I continued to be bothered by a herniated disc, too. I got three steroid shots over a period of a two months. The shots helped tremendously, but I continue to experience some pain, especially in the morning. With continued stretching and walking the herniation should continue to shrink. And the Naproset helps a lot. I really don't want more surgery. 

And I missed blogging. I've still been cooking. Even taken several pictures. Have a couple blog posts in draft stages. But mixing blogging about food and cancer in the same post started to seem a bit contrived to me, even though I wanted to do both. (I even thought about sharing a recipe about spiralizing, making "zoodles," along with this chemo curl diatribe! Aren't you lucky.)

I've also been plagued by procrastination. Yesterday, for example, I was bound and determined to finish this post finally. But -- wouldn't you know it? -- our internet service was down for the day.

So, today, I was going to finish for sure. After I cleaned up the kitchen and made the beds and started laundry and paid bills, etc., etc. After I made a broccoli salad for dinner, but, what the heck, why don't I make broccoli soup for lunch? And while I'm at it, why don't I brown some beef for enchiladas later? Of course, then I had to clean up the kitchen again, fold the laundry I started.

It's 2 o'clock and I'm finally sitting down and re-reading what I wrote. I better hit "publish" before I chicken out again. No recipe today . . . and no more pictures of me, either!

16 comments:

  1. Hey Rosie, so great to see you blogging again. Now you understand what it's like to have curls! Peg

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    1. Thanks, Peg. Curls are a challenge. Love a challenge!

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  2. So nice to be back in touch! I like those curls!!

    Best,
    Bonnie

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    1. Thanks, Bonnie. I'll try to be here more . . . and to visit you, too.

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  3. Rosemary, So glad you are on the mend from your cancer journey and the hardest parts are now behind you, wishing you continued strength and good health, and by the way you look beautiful with your short wavy hair, you go girl!

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    1. Yes, the worst is over, Marie, and I know I'm luckier than many. I've never had short hair for very long -- I just may keep it this way!

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  4. Rosemary, you looked GORGEOUS wearing those beautiful hats, but what I love the most is that first coming-out shot...short hair suits you very very well and you glowing! I am so HAPPY for you. My father-in-law just lost his battle to stomach cancer and we have been so worrying about my MIL because she is bounded in wheelchairs, but she seems doing okay.
    Lots of love to you and your family!
    Angie

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    1. I'm so sorry about your father-in-law, Angie. Cancer is such an awful thing, and it seems to be all around us. I do hope your mother-in-law adjusts; I imagine the only thing worse than cancer is losing your partner.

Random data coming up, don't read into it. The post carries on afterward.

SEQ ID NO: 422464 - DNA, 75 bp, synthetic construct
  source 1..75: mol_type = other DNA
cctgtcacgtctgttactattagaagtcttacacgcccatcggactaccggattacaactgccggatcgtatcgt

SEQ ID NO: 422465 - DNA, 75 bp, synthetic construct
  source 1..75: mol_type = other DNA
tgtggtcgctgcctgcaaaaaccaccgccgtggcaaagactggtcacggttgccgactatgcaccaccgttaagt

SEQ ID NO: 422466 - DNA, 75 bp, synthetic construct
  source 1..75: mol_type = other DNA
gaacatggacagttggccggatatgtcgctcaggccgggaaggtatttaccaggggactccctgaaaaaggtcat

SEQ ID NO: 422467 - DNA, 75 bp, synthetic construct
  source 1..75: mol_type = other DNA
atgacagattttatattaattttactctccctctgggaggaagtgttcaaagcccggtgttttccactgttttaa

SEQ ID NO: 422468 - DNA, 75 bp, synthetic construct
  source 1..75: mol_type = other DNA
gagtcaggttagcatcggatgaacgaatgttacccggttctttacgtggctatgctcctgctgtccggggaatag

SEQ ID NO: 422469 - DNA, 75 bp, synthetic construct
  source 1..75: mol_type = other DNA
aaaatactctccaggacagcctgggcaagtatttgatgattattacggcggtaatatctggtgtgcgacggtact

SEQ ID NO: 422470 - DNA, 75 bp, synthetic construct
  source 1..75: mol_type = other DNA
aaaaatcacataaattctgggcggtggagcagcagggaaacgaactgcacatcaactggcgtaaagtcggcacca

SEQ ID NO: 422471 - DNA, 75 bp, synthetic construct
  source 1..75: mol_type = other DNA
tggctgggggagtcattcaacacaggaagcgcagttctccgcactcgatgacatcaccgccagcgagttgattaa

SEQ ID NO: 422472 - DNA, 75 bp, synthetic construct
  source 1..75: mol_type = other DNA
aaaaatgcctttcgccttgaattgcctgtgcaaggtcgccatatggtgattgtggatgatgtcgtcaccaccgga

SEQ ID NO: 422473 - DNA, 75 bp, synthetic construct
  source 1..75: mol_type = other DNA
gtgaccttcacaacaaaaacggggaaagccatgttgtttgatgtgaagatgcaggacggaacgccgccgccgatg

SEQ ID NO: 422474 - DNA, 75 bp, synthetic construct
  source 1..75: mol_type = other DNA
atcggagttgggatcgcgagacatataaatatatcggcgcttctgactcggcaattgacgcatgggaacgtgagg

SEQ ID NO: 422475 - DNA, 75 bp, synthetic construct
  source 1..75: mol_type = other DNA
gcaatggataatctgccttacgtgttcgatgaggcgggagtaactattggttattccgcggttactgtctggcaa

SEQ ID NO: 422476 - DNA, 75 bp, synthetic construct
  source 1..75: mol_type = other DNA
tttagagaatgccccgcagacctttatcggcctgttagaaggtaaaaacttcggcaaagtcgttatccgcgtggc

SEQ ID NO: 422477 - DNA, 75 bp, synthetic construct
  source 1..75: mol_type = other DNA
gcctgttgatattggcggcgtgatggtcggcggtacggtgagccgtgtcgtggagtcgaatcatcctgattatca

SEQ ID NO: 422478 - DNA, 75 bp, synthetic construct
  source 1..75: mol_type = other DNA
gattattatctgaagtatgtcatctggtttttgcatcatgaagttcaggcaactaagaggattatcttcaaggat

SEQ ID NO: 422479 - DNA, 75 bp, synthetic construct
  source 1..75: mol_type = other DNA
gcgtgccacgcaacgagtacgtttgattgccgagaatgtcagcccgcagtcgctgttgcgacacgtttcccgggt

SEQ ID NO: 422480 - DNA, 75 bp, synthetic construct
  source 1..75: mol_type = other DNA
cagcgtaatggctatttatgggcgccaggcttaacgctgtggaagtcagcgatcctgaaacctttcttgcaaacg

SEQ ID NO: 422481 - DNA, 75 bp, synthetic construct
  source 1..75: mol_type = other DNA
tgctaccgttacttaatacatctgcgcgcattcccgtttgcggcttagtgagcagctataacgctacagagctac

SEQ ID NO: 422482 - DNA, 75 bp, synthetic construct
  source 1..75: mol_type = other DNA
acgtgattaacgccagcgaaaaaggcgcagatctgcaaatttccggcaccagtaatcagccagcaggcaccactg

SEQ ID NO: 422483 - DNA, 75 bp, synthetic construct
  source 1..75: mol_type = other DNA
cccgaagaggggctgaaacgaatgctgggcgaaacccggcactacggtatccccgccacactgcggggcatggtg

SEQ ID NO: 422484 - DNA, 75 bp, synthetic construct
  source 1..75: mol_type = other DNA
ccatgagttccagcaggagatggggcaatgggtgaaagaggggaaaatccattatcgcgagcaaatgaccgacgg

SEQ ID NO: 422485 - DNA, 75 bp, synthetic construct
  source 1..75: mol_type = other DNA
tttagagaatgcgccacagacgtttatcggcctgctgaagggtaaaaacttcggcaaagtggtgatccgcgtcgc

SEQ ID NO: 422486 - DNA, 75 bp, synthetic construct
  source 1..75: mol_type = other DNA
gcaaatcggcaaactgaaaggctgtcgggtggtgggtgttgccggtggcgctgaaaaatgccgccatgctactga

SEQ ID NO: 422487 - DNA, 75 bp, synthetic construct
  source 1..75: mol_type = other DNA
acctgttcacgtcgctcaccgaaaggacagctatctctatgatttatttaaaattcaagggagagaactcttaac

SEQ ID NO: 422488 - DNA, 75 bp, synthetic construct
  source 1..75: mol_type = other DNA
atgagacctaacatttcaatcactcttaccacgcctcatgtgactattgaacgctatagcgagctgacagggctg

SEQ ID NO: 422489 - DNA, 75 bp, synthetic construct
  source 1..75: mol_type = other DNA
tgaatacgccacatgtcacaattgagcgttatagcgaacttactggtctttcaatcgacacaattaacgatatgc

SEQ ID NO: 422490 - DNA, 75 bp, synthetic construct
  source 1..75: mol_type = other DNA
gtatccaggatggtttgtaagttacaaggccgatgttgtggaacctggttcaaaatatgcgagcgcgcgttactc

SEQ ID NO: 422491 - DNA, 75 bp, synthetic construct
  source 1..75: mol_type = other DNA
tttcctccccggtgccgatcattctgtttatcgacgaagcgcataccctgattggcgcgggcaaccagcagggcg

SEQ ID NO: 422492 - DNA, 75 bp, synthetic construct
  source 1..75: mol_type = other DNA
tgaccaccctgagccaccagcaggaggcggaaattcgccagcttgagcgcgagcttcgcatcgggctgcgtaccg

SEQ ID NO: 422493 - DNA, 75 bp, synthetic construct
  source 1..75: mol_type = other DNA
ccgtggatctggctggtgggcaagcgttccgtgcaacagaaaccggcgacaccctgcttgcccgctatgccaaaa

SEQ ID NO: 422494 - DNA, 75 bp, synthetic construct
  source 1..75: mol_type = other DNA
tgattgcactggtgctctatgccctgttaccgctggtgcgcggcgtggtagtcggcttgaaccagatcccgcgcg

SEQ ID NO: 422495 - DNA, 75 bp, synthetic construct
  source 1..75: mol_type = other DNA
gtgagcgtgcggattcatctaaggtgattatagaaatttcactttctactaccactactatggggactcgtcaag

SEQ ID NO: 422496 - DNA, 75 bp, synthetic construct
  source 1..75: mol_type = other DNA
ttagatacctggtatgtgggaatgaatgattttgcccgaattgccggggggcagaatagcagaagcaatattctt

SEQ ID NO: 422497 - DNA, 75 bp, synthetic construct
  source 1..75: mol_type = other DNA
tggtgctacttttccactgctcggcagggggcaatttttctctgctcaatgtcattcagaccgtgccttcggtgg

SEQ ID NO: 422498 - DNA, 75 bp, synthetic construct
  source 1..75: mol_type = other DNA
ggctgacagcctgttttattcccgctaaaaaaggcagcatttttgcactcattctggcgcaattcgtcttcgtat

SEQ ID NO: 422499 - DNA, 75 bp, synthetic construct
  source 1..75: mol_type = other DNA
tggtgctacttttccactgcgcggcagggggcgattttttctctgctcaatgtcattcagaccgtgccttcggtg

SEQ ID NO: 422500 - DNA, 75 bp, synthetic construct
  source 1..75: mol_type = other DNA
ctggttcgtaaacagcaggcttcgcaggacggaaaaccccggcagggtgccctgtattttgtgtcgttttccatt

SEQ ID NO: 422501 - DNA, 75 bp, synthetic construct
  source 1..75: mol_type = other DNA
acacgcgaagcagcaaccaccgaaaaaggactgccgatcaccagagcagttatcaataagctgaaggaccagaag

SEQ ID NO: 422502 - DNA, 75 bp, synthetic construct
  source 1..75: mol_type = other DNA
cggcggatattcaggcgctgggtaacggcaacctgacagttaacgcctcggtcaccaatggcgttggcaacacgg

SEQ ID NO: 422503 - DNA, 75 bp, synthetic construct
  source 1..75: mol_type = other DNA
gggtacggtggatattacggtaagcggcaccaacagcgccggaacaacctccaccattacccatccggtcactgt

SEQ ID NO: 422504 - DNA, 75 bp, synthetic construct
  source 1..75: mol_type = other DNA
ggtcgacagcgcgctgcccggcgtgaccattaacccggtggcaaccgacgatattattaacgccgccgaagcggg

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  5. You are beautiful, my friend. I love those curls (says the girl with the stick straight hair).

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    1. Thanks, Mary . . . I guess I should enjoy the curls while I got them, huh? I'll never have sun-streaked hair like yours! :)

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  6. It is great to see this email in my inbox this morning. You really do look fabulous - both with hats and short hair. I love short hair - I am partial with my own short hair for years. Thank you for sharing your journey. I am a blogger from the west coast - time to step away from read mode only. I love your stories!

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    1. Thanks, Donna . . . glad to meet ya! Give me a way to follow you and I will. I am realizing the convenience of shorter hair (and have always been told that women "of a certain age" should have short hair) it's just taking some getting used to.

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  7. This is very inspirational, Rosemary, and I'm sure your experience will help many women struggling with what to do about their hair. I was one of the lucky ones when I went through chemo. They were trying out frozen gel caps during chemo at the time (in 1990) and I never lost my hair. I'm not sure why they stopped using them - maybe there weren't enough success stories. Continued good health and good hair days to you :)

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    1. I did read about the gel caps, Susan, but I think one of the problems with them is -- not that they don't work -- that they're not covered by insurance and they're expensive. Glad you were lucky! Continued good health (and hair) to you too!

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  8. Good to see you post again! My mom got a wig when she went through chemo, and wore it sometimes. But she wore scarves a lot more -- cooler and easier, she said. Really interesting read -- thanks.

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    1. I'm trying to be more regular, John. I'm with your mom -- the scarves were much more fun than wigs. (Love your chicken chili.)

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I realize you don't have to take the time to comment . . . but it makes my day! So glad you decided to stay.